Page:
Personal Stories, Autism

The Problems with talking - musings of an autistic mind

Firstly I would like to state that I am not a medical or a psychological expert in anyway shape or form. Everything written is based upon my own opinions, thoughts and findings. I am one of the common referred to ‘lost generation’ of people discovered their autism in their forties; more to the point, it was pointed out to me and then the point laboured that I was on the spectrum by a professional in the field.

It’s of vital importance to remember that we, the neurodiverse, do not have ‘one size fits all’ challenges. However, it’s very common that we are likely to suffer from difficulty in one of life’s most crucial areas; communication, social interaction and obsessive or repetitive interests and activities.

I feel that communication and social interaction should not be considered as separate areas, more that they are flip sides of the same coin and it’s this difficulty that I would like to discuss. Personally, I managed to get by in life with a very good vocabulary and a grasp of verbal semantics and linguistics. I assumed that this made me good at communication; in my professional life, I’ve held roles which involve me talking, I trained initially in law and practiced for several years, I’m good with making an argument, although in hindsight, I’m arguably not always that succinct (which in law never seemed to hurt as everyone else was equally verbose!) I have given numerous presentations, appeared on stage and performed stand up comedy, including on London’s Shaftesbury Avenue, which is the home of the City’s theatre district.

So, where do I get the belief or knowledge that I struggle with communication?

I’m very good at talking, I know several other autistic people who also are; performers, magicians, lawyers amongst them. The thought of speaking in public, whilst it may bring on a certain level of anxiety, it concerns us a lot less than many other people, including those on the neurotypical scale. The key difference, for me is that this is not a conversation. For myself, it’s almost a monologue, I may have to respond to input or questions, I may have to deviate from a script, but for me, it’s a presentation, and not, a conversation. Even writing this article, or my own blog is my own monologue.

Conversation is, for me, a complex minefield of social protocol, implication and sub-context. For many of us on the autistic spectrum, I suspect that we feel the same. We don’t get subtlety, or nuance, or intonation and body language is simply bloody exhausting, despite in my teenage years, having read countless books on the subject. This means that the normal everyday social interaction and communication is something I frequently only get a small proportion of, which increases my anxiety and confusion and therefore means that I, as a reasonably intelligent human being, only get a proportion of what is actually said, because human interaction is largely not expressed by verbal communication.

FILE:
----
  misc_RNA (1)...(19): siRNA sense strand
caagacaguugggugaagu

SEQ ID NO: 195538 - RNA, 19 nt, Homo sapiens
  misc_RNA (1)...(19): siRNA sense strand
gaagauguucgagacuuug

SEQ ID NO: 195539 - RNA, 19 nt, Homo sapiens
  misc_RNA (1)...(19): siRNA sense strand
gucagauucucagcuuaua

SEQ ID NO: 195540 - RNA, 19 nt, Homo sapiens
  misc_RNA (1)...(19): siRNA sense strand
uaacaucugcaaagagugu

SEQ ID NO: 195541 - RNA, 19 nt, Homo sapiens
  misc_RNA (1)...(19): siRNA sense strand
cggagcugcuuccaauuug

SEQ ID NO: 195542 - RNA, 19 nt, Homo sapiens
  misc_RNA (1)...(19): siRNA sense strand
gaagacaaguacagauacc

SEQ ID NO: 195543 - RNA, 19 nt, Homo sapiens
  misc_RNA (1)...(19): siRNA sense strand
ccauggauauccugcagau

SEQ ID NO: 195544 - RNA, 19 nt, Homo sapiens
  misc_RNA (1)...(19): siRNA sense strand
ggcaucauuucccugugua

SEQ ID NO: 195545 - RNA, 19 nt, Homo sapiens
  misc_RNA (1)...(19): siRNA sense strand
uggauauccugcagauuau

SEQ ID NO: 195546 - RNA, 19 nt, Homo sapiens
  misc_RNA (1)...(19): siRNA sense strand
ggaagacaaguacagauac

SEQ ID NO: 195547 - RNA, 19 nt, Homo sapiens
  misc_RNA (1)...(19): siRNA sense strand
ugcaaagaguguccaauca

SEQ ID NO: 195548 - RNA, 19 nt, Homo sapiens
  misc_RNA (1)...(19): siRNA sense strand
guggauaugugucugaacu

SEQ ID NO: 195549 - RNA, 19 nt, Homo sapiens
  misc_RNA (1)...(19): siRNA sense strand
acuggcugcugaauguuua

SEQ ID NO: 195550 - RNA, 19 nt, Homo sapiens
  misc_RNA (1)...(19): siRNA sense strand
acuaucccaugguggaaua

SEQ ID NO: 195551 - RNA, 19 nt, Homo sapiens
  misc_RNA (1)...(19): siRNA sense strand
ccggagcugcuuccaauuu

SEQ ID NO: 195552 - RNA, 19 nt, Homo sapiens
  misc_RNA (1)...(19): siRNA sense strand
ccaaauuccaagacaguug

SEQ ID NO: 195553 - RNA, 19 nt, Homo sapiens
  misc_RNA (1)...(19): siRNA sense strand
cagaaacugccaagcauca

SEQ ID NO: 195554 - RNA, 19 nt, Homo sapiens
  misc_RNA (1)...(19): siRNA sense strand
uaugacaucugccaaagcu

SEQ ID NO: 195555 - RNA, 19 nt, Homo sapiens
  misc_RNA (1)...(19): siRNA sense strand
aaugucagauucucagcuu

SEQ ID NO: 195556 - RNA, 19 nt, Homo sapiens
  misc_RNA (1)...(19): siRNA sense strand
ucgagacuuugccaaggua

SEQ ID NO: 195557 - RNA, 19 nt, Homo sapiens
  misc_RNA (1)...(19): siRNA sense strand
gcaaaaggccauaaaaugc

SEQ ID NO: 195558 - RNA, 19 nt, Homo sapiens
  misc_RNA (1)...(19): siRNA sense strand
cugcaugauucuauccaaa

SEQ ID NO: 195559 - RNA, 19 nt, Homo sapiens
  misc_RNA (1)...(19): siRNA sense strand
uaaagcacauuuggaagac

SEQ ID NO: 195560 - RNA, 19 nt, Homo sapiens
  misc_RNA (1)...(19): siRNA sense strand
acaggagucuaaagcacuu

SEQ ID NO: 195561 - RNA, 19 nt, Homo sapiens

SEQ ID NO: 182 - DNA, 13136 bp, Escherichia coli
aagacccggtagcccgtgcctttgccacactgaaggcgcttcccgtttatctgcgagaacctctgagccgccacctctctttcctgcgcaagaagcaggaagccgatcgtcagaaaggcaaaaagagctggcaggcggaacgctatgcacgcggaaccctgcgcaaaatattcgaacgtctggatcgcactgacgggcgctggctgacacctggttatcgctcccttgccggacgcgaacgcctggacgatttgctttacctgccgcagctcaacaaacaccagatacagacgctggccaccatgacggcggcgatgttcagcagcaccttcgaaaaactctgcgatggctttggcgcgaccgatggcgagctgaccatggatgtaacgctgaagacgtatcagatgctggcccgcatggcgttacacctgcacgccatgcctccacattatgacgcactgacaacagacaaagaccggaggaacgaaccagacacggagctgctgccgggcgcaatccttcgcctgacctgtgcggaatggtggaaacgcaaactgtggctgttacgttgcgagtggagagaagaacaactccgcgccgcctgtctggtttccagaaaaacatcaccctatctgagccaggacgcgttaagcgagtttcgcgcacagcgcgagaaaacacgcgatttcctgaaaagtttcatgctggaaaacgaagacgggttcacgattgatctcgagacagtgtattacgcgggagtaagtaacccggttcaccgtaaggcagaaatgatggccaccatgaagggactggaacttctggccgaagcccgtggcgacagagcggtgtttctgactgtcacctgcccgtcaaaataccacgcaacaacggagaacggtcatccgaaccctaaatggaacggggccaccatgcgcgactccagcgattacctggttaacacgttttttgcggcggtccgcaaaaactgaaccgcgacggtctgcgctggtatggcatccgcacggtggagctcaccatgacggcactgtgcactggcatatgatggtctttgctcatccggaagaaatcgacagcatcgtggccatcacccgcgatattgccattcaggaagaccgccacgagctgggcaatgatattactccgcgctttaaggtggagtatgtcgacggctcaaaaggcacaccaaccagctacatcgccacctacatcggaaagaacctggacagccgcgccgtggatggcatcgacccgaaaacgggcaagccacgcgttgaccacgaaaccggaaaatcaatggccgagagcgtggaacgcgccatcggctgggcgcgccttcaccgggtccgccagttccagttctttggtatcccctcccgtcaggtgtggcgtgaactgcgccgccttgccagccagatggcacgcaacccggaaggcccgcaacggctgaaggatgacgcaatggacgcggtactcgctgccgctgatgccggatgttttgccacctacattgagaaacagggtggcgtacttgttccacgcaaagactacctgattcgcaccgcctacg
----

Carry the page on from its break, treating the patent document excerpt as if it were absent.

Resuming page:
Imagine how this can effect a person in making friendships or forming relationships. Both of the above a source of insecurity and uncertainty, my brain frequently saying “Does A really like me?” This obviously makes maintaining relationships even more complicated and demands a lot of patience, tolerance, understanding and a lot more patience and willingness to manage my expectations and express themselves more clearly and more expressly than might be typical in a relationship with a neurotypical person.

The additional pitfall is that when overwhelmed to a certain point, my brain, and that of many people on the spectrum, we shutdown or meltdown. This is our brains way of protecting itself. I recently found myself having a conversation with someone and for the life of me, I cannot recall a single word of anything said, either by them or myself. I expect, in hindsight, that I came across as terribly rude and I would hate to do so, but if I did, it’s not a conscience or intentional thing.

I wish that I could state that I’ve found the key to communication. However, I’m also learning that my difficulties make me a unique person and that these traits are as much a part of my genetic composition as my hair or eye colour. Therefore, the safest route to making myself as happy as I can be is to simply embrace and recognise that I am neurodiverse and that I, and in the bigger picture, we, are all amazing wonderful people, we are just wired in a slightly unique way.

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About Paul Smith

A former lawyer, DJ & Promoter, teaching English as a foreign language with the goal being qualifying as a teacher. He is a high functioning autistic, and is embracing life outside of the neurotypical